Growing Again

In March of 1986, we purchased a condominium townhouse (Tynewick Terrace) in Georgian Colonies off of Bel Pre Road and began serving three young women there. In 1988, a home for three older women was purchased on Milestone Drive in Silver Spring. In 1990, a house on Greenspan Lane was purchased that allowed some of the people who had been living at Jubilee’s original group home to move into a new home, reducing the number of residents at the Sandy Ridge Road group home from seven to five, with each then having their own bedroom. In late 1990, a townhouse was purchased on Eaglewood Court for three men. During this time, we also expanded the number of people receiving Individual Support Services and began working with people who had developmental disabilities and who were homeless.

Volunteers and Fundraising

During the summer of 1987, Tim Wiens’ parents, Elmer and Leola, came from Kansas to work for Jubilee as volunteers through the Mennonite Church. They stayed for a year, did maintenance and helped out in many other ways, and hung out with their two young grandchildren. A volunteer program was started in 1990. Jubilee Foundation was incorporated in 1991 to do fundraising and public relations for Jubilee Association of Maryland.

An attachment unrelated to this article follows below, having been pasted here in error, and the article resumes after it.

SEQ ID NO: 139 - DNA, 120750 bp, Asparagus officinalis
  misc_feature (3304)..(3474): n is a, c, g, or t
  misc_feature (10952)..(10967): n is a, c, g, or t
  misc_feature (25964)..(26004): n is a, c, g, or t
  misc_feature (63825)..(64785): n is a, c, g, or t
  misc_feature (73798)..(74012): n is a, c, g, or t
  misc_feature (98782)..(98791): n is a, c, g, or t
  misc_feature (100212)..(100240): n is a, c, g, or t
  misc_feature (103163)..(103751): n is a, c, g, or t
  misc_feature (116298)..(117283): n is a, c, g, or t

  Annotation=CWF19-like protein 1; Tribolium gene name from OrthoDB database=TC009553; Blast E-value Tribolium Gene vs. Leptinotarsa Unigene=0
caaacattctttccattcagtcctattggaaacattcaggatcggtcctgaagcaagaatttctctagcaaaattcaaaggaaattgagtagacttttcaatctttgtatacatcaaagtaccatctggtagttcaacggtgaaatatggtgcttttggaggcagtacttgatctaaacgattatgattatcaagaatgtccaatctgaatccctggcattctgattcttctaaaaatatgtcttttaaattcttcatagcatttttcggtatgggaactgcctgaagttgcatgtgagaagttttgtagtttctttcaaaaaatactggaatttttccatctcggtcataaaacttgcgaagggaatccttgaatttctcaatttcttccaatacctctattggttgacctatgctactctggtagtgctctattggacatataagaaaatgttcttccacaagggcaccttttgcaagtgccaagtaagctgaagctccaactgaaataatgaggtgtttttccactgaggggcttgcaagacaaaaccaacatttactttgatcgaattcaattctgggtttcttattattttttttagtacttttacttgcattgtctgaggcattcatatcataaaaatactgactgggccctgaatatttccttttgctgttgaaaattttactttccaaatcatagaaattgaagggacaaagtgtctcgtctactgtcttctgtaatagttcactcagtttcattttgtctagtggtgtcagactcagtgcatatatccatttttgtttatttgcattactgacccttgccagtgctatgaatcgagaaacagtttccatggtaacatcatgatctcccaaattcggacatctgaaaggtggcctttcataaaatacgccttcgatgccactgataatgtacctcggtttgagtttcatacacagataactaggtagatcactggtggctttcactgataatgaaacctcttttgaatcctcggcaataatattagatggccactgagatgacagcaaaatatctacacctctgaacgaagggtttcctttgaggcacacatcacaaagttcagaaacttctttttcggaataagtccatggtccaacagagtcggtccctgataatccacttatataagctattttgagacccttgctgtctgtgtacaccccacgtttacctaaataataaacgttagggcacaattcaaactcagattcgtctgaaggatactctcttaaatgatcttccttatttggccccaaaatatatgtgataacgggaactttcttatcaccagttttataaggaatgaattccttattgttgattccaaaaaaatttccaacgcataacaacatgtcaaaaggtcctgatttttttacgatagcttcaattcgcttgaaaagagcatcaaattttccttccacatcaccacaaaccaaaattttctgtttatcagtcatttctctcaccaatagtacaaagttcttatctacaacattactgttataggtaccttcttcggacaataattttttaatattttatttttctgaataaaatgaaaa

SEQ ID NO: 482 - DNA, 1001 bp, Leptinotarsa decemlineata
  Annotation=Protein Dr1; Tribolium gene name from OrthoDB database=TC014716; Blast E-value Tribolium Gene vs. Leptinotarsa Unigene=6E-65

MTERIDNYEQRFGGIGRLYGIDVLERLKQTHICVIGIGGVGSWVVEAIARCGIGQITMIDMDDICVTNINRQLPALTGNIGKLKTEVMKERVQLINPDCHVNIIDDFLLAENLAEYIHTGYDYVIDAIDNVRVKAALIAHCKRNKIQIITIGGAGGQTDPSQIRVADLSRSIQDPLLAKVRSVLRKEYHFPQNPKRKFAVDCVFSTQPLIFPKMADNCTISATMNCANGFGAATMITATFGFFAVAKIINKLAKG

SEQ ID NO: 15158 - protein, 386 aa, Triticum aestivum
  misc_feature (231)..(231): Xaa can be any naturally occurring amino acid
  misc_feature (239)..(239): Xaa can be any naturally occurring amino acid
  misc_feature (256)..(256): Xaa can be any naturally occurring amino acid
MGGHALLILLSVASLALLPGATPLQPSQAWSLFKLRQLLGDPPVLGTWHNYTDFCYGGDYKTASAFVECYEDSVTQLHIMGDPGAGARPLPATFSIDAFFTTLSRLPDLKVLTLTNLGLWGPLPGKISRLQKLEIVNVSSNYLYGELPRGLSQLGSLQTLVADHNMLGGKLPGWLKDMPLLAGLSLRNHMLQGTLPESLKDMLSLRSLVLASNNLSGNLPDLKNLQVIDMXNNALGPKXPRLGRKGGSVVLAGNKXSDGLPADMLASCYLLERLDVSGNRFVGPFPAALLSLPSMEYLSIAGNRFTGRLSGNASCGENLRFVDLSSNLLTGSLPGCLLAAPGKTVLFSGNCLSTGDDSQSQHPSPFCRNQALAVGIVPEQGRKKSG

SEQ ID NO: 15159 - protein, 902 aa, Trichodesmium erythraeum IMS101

A “Real” Office

In February of 1988, Jubilee moved its offices out of the shed behind the Sandy Ridge Road and into an office building in Wheaton. This move was symbolic of the growth that had occurred and was continuing during 1985 and into the early 1990s. Jubilee was expanding services, and developing an infrastructure to support the needs of a changing and growing organization.

Emergence as a Leader

After Jubilee struggled to establish itself in the early 1980s and as it grew in size during the late 1980s and early 1990s, Jubilee began to emerge as a leader in the field of community residential services for adults who have developmental disabilities. Some of this recognition came as a result of leadership positions in statewide organizations that were held by Executive Director Tim Wiens, but much of it came from what Jubilee was accomplishing as an organization.

Quality of Staff